Global Naturalized Alien Flora

GloNAF (Global Naturalized Alien Flora) is a living database project about alien plant species and became a synonym for many related projects dealing with all kinds of scientific and policy relevant questions and studies about alien species (also other taxa) and related data.


A short history of GloNAF

The idea for the Global Naturalized Alien Flora (GloNAF) started to develop in November 2011, after some of us realized that researchers still had to use jaggy and incomplete data on global aliens species richness. Initially, it aimed at bringing together data on the number of naturalized alien vascular plant species in different parts of the world. Soon the aim was upgraded to bringing together inventories with the identities of the naturalized alien vascular plant species. During three years (without any funding), the core GloNAF members , searched the internet for naturalized plant inventories, contacted taxonomists and invasion biologists for such inventories, digitized these species lists, and standardized the taxonomic names. In 2015, GloNAF version 1.1 was born. In 2015, the project also got funded for a 3-year period by the German Science Foundation DFG and the Austrian Science Foundation FWF. This will allow us to update and expand GloNAF, and most importantly to further analyse the data.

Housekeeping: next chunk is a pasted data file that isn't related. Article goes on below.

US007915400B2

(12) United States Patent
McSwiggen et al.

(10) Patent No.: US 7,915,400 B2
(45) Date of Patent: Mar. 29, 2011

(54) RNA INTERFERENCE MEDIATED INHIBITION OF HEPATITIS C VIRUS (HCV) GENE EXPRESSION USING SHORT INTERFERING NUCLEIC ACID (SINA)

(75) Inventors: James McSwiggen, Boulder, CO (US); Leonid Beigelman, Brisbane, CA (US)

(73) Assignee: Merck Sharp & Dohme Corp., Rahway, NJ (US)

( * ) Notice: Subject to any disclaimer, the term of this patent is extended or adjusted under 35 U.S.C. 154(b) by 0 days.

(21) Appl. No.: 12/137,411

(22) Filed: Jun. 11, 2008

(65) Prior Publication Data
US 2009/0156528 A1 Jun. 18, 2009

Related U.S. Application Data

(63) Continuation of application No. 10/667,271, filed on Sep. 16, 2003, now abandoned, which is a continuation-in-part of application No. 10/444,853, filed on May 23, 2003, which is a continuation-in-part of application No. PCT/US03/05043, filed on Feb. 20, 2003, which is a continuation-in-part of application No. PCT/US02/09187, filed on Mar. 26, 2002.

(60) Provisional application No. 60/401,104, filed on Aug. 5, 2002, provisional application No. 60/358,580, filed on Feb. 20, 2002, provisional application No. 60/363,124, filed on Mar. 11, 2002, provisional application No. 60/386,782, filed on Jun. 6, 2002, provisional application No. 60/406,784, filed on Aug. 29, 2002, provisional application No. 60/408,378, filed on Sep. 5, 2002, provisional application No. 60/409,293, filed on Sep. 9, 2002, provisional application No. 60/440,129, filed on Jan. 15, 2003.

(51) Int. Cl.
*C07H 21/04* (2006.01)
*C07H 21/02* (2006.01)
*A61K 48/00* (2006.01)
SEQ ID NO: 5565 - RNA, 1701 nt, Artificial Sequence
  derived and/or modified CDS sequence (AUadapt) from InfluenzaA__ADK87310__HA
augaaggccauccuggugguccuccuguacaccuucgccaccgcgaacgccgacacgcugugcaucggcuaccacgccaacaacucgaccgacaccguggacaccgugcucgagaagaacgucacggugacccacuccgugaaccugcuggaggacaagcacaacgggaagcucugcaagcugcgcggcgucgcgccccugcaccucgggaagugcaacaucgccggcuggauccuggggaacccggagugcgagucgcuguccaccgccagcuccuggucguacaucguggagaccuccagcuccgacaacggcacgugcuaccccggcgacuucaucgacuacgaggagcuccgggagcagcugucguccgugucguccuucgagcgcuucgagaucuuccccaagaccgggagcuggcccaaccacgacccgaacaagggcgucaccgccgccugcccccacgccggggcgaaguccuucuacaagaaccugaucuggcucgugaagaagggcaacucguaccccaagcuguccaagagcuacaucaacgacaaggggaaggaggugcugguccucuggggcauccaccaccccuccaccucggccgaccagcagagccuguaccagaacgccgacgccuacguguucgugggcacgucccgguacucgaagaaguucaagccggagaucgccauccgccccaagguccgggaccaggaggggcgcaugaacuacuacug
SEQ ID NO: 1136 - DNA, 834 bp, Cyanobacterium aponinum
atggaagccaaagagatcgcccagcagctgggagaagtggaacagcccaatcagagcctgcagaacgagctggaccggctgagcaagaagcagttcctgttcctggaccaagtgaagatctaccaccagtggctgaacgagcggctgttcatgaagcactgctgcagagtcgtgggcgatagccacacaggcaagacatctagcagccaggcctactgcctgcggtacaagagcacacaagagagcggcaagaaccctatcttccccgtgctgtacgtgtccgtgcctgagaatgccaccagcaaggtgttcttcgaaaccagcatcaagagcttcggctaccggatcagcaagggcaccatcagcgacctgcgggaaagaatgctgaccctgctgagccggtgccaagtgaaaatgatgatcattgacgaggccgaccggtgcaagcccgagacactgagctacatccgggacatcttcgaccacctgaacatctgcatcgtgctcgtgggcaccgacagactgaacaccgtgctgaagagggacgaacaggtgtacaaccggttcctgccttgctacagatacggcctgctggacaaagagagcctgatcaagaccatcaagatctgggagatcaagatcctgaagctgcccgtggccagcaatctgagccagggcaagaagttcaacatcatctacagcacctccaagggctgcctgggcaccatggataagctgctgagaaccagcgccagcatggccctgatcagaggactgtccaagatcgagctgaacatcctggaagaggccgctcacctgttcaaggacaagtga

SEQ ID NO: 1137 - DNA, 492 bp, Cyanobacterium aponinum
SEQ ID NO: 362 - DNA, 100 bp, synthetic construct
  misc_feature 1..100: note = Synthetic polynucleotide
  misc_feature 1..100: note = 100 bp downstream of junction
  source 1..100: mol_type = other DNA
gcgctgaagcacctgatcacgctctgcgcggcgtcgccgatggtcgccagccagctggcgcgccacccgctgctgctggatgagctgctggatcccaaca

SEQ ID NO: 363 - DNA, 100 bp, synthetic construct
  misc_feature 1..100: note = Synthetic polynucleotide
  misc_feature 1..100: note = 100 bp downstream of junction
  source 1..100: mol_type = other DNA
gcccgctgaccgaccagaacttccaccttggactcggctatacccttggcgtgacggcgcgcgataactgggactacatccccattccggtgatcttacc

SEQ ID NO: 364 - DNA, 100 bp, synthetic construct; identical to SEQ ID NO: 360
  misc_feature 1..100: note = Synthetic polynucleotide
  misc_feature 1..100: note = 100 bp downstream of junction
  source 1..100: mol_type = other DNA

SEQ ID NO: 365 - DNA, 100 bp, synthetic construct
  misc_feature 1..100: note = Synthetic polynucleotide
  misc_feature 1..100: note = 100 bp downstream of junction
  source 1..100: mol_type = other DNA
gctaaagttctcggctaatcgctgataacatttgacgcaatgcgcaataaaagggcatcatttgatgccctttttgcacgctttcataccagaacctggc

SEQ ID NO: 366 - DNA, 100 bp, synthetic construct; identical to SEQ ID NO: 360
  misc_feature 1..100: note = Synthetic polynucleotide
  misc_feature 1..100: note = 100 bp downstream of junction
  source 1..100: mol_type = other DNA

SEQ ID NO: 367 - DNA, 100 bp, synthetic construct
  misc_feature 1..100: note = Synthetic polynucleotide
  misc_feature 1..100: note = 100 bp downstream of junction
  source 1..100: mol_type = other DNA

The results of the first big-picture study
published in Nature (van Kleunen et al. 2015) & see online appendix for published list of naturalized species per region

Please note that the full version of GloNAF data are not yet freely available but the consortium is very much open to project proposals and data requests. Please send us (or one of the core members) an email with your ideas and specific data request.


In total, 13,168 plant species, corresponding to 3.9% of the extant global vascular flora, or approximately the size of the native European flora, have become naturalized somewhere
on the globe as a result of human activity.

North America has the largest number of naturalized alien species, but when one considers the areas of the continents, the degree of naturalization is of similar magnitudes in Europe and Australasia. The Pacific Islands, however, have given their small area, the highest numbers of naturalized species per unit area.



Observed flows of naturalized alien plant species among the TDWG continents. The continents are ordered according to decreasing importance as sources. Only the 50% most important flows are shown. Ant., Antarctica (n 5 293 native species); C, only known from cultivation or novel hybrids (n 5 97 species). Each tick along the outer circle corresponds to 1,000 species. Left (white) parts of inner bars along the circle represent flows of imported species; right (coloured) parts represent exported species.